Card’s “Enderverse” now consists of fifteen novels, two novellas and a short story collection, so there’s plenty to get to grips with here.
5 – Jurassic Park – Michael Crichton
I’m surprised that this book isn’t seen on more Science Fiction lists, perhaps it isn’t considered among the classics of the genre. It really should be.
Crichton’s creation is embedded in popular culture for spawning one of the most popular films of all time, and a film franchise of rapidly decreasing quality, yet few people seem to recommend the book.
The film is, surprisingly, very true to the original work and the plot follows the same lines. The film is rather more action oriented and leaves out a lot of the scientific and philosophical discussion of the implications of the creation of the park that really lifts the book into the status of one of the top Sci-Fi reads of all time.
It’s not one of those where you should read the book before watching the film because, let’s be honest, you’ve already seen it. You should read the book, it expands upon the action of the film and adds great depth to the narrative.
6 – I Am Legend – Richard Matheson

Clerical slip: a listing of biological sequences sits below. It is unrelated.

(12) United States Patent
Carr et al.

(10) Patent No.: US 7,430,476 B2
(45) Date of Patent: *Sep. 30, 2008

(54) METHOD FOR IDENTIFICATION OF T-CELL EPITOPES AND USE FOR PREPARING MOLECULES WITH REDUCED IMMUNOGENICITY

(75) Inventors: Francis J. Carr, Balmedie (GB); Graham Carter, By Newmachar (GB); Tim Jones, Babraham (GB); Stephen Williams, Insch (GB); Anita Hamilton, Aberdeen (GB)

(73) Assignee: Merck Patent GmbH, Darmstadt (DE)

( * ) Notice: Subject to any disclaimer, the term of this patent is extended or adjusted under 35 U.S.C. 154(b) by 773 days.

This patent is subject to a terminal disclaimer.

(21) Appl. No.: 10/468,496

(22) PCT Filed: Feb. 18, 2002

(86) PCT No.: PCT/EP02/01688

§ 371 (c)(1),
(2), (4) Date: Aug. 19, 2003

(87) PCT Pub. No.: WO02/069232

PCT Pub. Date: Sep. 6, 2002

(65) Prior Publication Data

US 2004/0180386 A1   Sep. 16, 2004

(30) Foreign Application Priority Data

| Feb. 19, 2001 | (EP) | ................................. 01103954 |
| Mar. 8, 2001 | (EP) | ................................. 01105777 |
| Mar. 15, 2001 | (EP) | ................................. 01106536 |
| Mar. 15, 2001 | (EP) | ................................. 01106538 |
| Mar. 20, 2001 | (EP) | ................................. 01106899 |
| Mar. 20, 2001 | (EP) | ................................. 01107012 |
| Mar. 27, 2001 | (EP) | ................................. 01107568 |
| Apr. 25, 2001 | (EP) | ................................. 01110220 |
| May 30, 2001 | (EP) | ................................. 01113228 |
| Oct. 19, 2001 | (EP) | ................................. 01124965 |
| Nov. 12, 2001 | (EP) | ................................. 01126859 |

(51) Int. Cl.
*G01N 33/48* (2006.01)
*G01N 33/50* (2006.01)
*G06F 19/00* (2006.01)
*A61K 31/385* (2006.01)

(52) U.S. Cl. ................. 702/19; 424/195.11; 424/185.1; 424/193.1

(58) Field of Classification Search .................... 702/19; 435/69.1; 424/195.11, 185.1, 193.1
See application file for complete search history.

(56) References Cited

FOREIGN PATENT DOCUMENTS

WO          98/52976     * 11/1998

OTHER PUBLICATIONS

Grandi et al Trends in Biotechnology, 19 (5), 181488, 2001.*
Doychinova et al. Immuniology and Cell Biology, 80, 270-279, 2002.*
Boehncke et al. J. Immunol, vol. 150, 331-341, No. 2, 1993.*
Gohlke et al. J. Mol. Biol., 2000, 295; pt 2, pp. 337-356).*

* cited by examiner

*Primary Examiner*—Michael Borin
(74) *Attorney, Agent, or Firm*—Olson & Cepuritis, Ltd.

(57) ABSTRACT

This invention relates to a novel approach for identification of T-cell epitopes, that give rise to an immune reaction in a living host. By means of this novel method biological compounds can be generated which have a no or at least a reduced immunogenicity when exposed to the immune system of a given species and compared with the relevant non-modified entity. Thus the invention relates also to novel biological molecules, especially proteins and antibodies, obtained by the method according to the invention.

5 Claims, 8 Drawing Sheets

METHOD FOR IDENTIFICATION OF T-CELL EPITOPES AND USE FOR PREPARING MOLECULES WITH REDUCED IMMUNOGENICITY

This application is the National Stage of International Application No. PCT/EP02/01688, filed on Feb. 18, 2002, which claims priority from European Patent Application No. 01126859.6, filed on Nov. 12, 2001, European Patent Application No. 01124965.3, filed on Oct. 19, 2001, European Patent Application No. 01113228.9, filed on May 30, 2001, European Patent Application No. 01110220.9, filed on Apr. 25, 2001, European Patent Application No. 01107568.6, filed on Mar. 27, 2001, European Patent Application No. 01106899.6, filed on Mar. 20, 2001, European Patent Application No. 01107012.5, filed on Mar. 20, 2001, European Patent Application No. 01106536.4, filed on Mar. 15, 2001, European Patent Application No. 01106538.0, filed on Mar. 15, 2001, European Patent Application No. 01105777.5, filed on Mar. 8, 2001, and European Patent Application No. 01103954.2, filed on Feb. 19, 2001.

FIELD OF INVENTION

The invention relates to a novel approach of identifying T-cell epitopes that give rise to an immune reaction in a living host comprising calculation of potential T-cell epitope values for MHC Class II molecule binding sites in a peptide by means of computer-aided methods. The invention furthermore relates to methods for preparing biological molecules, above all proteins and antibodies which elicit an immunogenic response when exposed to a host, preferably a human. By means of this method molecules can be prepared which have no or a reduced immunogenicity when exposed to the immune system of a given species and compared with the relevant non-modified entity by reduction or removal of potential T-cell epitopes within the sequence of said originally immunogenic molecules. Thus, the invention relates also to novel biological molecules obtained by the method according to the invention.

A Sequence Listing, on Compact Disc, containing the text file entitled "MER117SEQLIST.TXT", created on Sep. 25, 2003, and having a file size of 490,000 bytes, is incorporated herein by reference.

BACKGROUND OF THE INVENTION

Another entry on the list better known as its film adaptation. However, far from the roaring success of Jurassic Park, the adaptation of I Am Legend was an acceptable film, nothing better.
The reason for the disappointment was a simple one. The film completely ruined the ending of the book. I won’t give it away here by explaining what the film did wrong, but the ending of I Am Legend is what gives meaning to everything that came before. Without the original ending, it would be a fairly standard post-apocalyptic survival tale.
The story follows Robert Neville as the last man on Earth, but he is not alone. Haunted and hunted by vampires, it is the story of his survival against increasingly insurmountable odds.
This is actually a very short read, but well worth it.
7 – 1984 – George Orwell
George Orwell’s 1984, has there ever been a book to more completely permeate the national subconscious? People quote this book every day without realising it, “Big Brother”, “Room 101”, these phrases have entered the vocabulary of millions.
This book is the absolute pinnacle of dystopian fiction, and incredibly influential to this day.
Orwell’s book is depressing and oppressive in its vision of the future, a prophetic view that seems to be coming closer and closer each day.
This is not just a good book, or even a great book, it is more than that. 1984 is an important book. Everyone should read it. It speaks about the dangers of nationalism, and the impacts of censorship and surveillance. We can all take away important lessons from 1984.
8 – I, Robot – Isaac Asimov
A robot may not injure a human being or, through inaction, allow a human being to come to harm.
A robot must obey the orders given it by human beings except where such orders would conflict with the First Law.